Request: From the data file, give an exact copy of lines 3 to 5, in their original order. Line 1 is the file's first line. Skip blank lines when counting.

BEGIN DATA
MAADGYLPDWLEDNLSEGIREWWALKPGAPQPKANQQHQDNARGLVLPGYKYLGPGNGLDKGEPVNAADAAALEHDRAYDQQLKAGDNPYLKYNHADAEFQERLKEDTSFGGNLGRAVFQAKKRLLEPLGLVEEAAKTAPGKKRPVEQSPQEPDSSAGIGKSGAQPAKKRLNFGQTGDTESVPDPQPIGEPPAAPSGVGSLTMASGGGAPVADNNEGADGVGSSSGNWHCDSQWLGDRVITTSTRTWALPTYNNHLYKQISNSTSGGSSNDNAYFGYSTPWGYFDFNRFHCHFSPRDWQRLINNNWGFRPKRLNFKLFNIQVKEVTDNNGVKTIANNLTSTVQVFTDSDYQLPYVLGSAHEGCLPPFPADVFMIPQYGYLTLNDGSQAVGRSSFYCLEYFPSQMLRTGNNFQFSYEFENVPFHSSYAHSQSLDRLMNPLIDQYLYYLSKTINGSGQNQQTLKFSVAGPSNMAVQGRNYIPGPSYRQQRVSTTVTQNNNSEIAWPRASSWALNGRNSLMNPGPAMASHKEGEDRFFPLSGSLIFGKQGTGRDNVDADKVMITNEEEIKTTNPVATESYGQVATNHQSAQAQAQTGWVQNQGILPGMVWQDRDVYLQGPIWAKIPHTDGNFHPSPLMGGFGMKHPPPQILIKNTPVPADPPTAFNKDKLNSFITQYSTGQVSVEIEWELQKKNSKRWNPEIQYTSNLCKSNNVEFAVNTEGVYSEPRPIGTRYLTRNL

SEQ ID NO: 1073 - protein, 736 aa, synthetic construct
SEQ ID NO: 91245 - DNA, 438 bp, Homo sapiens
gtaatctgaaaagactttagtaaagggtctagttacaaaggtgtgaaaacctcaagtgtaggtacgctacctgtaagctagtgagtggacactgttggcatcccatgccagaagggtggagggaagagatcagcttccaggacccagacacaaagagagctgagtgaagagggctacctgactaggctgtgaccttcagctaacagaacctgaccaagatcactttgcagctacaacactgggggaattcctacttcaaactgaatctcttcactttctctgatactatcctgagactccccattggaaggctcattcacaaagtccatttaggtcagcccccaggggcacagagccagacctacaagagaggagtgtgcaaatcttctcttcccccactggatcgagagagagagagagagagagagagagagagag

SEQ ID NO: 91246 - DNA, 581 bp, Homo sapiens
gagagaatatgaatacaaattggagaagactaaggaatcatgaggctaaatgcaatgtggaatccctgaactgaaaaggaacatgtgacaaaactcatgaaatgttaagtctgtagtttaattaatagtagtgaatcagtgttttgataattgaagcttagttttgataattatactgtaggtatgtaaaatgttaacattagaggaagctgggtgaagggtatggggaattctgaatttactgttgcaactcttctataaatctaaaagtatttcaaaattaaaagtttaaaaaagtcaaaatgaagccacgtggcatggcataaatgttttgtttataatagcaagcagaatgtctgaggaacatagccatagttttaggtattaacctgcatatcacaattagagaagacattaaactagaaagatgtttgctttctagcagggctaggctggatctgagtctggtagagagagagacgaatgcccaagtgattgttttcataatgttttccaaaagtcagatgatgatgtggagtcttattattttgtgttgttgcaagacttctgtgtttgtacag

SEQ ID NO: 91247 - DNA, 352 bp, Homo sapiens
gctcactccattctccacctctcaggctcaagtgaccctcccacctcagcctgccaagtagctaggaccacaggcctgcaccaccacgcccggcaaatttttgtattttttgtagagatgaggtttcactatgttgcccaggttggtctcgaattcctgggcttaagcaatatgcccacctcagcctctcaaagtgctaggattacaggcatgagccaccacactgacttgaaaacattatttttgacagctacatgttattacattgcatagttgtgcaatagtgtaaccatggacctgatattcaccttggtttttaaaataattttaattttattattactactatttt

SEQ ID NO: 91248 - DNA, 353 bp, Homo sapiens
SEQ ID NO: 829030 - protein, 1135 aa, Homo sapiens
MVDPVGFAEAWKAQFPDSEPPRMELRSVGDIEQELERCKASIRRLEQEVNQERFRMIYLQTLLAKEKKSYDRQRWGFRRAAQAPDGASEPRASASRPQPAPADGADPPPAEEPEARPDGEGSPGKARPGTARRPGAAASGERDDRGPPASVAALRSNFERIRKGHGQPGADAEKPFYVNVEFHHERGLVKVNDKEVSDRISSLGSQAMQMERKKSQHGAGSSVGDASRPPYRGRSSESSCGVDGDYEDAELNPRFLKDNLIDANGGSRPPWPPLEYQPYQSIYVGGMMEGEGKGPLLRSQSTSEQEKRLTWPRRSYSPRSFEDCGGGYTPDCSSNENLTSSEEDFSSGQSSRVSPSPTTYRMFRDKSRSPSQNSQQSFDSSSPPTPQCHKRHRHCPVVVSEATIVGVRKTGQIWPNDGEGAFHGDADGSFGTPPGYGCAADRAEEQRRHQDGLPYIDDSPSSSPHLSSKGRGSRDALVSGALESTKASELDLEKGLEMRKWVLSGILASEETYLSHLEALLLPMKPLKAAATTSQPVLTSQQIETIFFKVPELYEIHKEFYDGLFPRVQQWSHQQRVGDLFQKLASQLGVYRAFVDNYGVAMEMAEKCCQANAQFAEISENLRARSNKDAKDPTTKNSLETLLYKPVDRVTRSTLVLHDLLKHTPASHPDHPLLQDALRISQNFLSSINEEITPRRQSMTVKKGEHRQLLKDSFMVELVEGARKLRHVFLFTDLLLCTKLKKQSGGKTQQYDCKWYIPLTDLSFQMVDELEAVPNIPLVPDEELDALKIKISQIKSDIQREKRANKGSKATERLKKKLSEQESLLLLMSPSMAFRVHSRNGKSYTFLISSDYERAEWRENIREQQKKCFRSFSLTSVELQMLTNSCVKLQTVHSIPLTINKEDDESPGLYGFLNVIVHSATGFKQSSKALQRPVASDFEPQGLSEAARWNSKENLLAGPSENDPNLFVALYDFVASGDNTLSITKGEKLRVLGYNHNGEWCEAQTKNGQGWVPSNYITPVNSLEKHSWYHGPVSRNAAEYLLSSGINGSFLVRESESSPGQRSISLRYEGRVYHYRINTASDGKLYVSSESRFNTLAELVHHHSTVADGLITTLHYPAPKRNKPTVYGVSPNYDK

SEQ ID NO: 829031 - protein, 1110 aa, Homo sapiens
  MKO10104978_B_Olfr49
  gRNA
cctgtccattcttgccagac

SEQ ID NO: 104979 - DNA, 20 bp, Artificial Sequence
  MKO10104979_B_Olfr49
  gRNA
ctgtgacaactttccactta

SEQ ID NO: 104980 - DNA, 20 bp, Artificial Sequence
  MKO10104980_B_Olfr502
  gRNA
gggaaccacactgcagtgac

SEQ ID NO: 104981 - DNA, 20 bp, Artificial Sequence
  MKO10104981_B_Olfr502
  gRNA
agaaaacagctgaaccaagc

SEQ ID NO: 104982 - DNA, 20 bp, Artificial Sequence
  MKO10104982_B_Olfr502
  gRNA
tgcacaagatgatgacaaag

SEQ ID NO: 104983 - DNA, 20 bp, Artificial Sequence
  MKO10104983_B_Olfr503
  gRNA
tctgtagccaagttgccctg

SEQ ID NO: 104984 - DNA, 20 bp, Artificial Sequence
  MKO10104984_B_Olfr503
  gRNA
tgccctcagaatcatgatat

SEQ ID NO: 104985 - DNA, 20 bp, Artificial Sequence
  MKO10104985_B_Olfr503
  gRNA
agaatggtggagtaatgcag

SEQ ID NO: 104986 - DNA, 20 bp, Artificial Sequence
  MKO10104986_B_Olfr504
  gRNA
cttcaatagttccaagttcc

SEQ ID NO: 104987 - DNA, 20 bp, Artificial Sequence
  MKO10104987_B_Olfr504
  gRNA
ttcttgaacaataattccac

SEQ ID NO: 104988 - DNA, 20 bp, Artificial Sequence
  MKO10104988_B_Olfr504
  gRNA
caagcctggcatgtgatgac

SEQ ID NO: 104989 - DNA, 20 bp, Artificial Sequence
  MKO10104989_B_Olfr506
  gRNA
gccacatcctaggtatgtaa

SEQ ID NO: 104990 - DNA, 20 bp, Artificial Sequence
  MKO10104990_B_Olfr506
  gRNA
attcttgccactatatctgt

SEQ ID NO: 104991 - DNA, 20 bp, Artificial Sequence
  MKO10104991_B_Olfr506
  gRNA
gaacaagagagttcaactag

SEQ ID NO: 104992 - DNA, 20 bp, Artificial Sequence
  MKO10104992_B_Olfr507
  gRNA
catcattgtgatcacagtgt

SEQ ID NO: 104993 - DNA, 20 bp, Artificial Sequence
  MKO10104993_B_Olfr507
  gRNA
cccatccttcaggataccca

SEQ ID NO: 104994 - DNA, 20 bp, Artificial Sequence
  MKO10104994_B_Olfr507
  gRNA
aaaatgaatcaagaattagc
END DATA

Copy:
SEQ ID NO: 91245 - DNA, 438 bp, Homo sapiens
gtaatctgaaaagactttagtaaagggtctagttacaaaggtgtgaaaacctcaagtgtaggtacgctacctgtaagctagtgagtggacactgttggcatcccatgccagaagggtggagggaagagatcagcttccaggacccagacacaaagagagctgagtgaagagggctacctgactaggctgtgaccttcagctaacagaacctgaccaagatcactttgcagctacaacactgggggaattcctacttcaaactgaatctcttcactttctctgatactatcctgagactccccattggaaggctcattcacaaagtccatttaggtcagcccccaggggcacagagccagacctacaagagaggagtgtgcaaatcttctcttcccccactggatcgagagagagagagagagagagagagagagagag

SEQ ID NO: 91246 - DNA, 581 bp, Homo sapiens